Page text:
And Brett Kavanaugh has already undergone six of them to date because he has had different positions, either in the George W. Bush administration or

as a D.C. Circuit court judge or other prominent positions.

And so he's had to undergo a background inquiry where the FBI's role is not just casually vet the person and confirm that the resume does not have any

typos or that the professional references checked out. Their role is to figure out what are the skeletons in the closet that would make this person

probably compromised, potentially compromised or prove they're already compromised to make an objective and cogent decision based on the rule of

law and not their own personal whims or their personal debts in some way.

And so the background investigation is always done. It has been done. The controversy here is whether or not the FBI should reopen the already closed

background investigation that they feel they handed over to the president and his administration. And to that, the president has made very clear

that there's no reason to do so. I mean this is somebody who has already passed background checks.

We have a he said/she said scenario. He has unequivocally denied it. Therefore, there is no reason to do so. It's not the purview. But, in

fact, it is if there is, for example, had Kavanaugh's last name, they found out later on that it was spelled with a "C" or that he uses the "C" as

opposed to a "K". Well, they would look into financial records and criminal histories all over again to dot those Is and cross those Ts.

In many ways, being made aware of a controversy or an allegation is but a reason to supplement an already existing background report without having

to get the explicit recommendation of the White House or permission to do so. So when people look at this issue about whether or not the FBI's in

their purview, it is most assuredly in their purview to supplement that which they find to be a problem or a point of interest for the


AMANPOUR: And very briefly, Laura, I know you're a legal analyst, but politically or legally even, did the Democrats drop the ball here? They

knew these allegations from Dr. Ford for many many months now. Did they drop the ball? As the president said, why bring it up at the 11th hour?

COATES: Well, it is a fair criticism. The timeline that was used here to attack the policy of Brett Kavanaugh at the open hearings as opposed to

bringing forth information that she had, Senator Dianne Feinstein, about this issue and giving the opportunity not only for other Democrats on the

judiciary committee to question but Republicans and also due process also is for the benefit of the accused.

He also has not had the opportunity to do so and address this claim. And instead, it is looming ahead of him whether or not he'll have the

opportunity to do so if Dr. Ford, the accuser, actually comes forward to testify at an upcoming hearing. And so in many ways, due process has been

compromised. However, the motivation behind that and the intent, which you have to really judge, and perhaps it was the anonymity of the accuser that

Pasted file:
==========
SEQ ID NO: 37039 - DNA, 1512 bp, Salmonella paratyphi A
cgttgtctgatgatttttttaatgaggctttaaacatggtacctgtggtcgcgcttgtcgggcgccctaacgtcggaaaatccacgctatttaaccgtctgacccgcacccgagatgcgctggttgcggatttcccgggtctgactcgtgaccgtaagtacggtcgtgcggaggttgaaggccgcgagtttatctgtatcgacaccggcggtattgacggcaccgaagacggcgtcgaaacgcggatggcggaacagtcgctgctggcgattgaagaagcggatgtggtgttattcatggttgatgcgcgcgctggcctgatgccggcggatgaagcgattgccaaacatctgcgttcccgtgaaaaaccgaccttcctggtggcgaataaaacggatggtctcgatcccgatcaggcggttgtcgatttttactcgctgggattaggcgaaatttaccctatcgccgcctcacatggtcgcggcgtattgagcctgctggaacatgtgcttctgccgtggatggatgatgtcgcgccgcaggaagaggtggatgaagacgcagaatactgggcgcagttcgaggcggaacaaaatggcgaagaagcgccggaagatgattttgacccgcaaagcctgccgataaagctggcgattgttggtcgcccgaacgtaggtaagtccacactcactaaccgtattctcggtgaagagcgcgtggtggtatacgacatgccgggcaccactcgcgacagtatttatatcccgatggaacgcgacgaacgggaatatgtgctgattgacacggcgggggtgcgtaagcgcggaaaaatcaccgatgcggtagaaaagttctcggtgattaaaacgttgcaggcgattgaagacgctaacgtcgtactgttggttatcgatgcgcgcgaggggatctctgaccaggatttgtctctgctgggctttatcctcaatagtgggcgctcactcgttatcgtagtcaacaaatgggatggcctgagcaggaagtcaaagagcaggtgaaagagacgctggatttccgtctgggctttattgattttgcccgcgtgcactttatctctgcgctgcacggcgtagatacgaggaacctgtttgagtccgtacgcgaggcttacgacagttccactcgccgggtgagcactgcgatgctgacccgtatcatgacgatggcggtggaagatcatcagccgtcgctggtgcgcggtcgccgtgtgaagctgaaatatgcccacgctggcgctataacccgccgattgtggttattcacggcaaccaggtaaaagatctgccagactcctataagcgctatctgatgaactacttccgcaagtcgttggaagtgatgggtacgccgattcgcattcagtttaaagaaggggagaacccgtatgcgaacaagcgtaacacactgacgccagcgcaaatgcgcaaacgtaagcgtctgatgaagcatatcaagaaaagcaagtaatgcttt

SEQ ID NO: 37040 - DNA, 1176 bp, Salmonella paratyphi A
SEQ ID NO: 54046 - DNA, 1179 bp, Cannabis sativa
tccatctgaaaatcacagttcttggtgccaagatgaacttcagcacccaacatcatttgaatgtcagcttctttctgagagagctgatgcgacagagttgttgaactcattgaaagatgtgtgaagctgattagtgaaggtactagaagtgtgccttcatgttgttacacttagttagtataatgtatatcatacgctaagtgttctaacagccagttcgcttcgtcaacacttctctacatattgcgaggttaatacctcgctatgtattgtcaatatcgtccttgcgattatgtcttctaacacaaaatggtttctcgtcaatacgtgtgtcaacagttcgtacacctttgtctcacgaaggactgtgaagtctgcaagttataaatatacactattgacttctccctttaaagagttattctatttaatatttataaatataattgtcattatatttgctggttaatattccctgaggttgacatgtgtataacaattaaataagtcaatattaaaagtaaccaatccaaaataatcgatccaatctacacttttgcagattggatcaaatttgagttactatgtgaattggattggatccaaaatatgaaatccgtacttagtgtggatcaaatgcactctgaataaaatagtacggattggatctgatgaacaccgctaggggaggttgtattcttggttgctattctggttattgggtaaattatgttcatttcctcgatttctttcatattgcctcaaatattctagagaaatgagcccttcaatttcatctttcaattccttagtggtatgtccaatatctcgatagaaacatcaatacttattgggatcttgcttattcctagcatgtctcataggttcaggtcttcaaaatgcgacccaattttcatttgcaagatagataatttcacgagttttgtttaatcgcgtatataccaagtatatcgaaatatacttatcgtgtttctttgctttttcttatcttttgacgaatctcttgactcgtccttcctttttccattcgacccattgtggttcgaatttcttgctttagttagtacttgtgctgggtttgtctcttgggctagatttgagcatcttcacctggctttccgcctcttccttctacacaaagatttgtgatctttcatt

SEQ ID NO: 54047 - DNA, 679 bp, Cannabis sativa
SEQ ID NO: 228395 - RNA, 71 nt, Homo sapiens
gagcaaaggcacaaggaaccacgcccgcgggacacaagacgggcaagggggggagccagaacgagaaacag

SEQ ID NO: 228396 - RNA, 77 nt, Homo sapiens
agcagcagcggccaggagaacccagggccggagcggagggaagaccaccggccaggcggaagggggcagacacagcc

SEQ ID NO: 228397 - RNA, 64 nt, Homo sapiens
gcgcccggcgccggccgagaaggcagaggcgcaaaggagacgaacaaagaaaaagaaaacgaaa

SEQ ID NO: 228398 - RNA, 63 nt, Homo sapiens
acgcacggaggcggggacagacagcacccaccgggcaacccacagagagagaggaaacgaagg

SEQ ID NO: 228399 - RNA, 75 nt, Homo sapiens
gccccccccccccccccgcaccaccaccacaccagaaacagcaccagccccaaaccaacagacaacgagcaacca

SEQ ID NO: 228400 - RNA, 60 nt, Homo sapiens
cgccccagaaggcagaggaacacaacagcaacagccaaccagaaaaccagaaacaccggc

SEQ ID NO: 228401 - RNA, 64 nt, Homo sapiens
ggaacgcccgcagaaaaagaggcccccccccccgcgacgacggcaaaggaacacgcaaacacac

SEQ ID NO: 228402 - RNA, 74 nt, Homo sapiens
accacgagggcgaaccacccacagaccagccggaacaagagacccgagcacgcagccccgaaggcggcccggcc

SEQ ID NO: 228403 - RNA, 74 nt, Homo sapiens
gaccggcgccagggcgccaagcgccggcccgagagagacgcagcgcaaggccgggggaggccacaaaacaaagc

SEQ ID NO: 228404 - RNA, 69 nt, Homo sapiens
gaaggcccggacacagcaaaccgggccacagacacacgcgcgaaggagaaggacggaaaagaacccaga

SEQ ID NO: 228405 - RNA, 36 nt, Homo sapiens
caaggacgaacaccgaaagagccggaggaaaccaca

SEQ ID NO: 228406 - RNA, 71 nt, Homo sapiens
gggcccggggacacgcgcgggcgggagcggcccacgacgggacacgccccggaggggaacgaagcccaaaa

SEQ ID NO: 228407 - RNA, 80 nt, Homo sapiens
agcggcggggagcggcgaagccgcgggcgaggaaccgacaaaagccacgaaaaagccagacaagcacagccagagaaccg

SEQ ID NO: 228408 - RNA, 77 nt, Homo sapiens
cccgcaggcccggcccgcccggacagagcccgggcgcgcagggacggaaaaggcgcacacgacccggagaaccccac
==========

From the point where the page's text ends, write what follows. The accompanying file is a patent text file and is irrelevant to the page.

will actually rule the day.

And, by the way, there's only a lot of credibility and credence that can be attached to the testimony now that she has come forward and is no longer an

anonymous person. So perhaps the timeline must shift. But in any event, there's still an opportunity to rectify. There's still an opportunity to

do so and have a hearing. And the only reason, Christiane, this is an 11th hour is because the Republican members of the judiciary committee have

chosen the 12th hour. And that looming deadline of the midterm election that will entail who is in control of the Senate, as well as the Supreme

Court docket beginning is really their actual motivation.

AMANPOUR: It's really an extraordinary situation playing out in real time at this incredible moment of history. Laura Coates, thank you so much.

COATES: Thank you.

AMANPOUR: And now, here is a question for you. Is there anything wrong with trying to do good? Author Anand Giridharadas has spent plenty of time

in elite circles. He went to Oxford and to Harvard. He's a fellow of the Aspen Institute where many thought leaders gather to discuss the complex

challenges of our time.

So stepping on the stage to tell his colleagues that their efforts to change the world are actually harming it was a pretty brave move. What's

wrong with philanthropy? And what are his alternatives? Anand Giridharadas spells it out in a new book called "Winners Take All: The

Elite Charade of Changing the World." And our Hari Sreenivasan went there with him.

HARI SREENIVASAN, ANCHOR, PBS NEWSHOUR WEEKEND: Anand Giridharadas, thanks for joining us.


SREENIVASAN: Let's first start with this thesis of yours, but let's kind of explain it in something that happened recently. Jeff Bezos, the richest

man in the world, I think he's worth something around $162 billion depending on what the stock is doing today. He says he is going to focus

his philanthropic efforts on two things, homelessness and dealing with low- income kids and education. He's going to put $2 billion up there. What's not to like?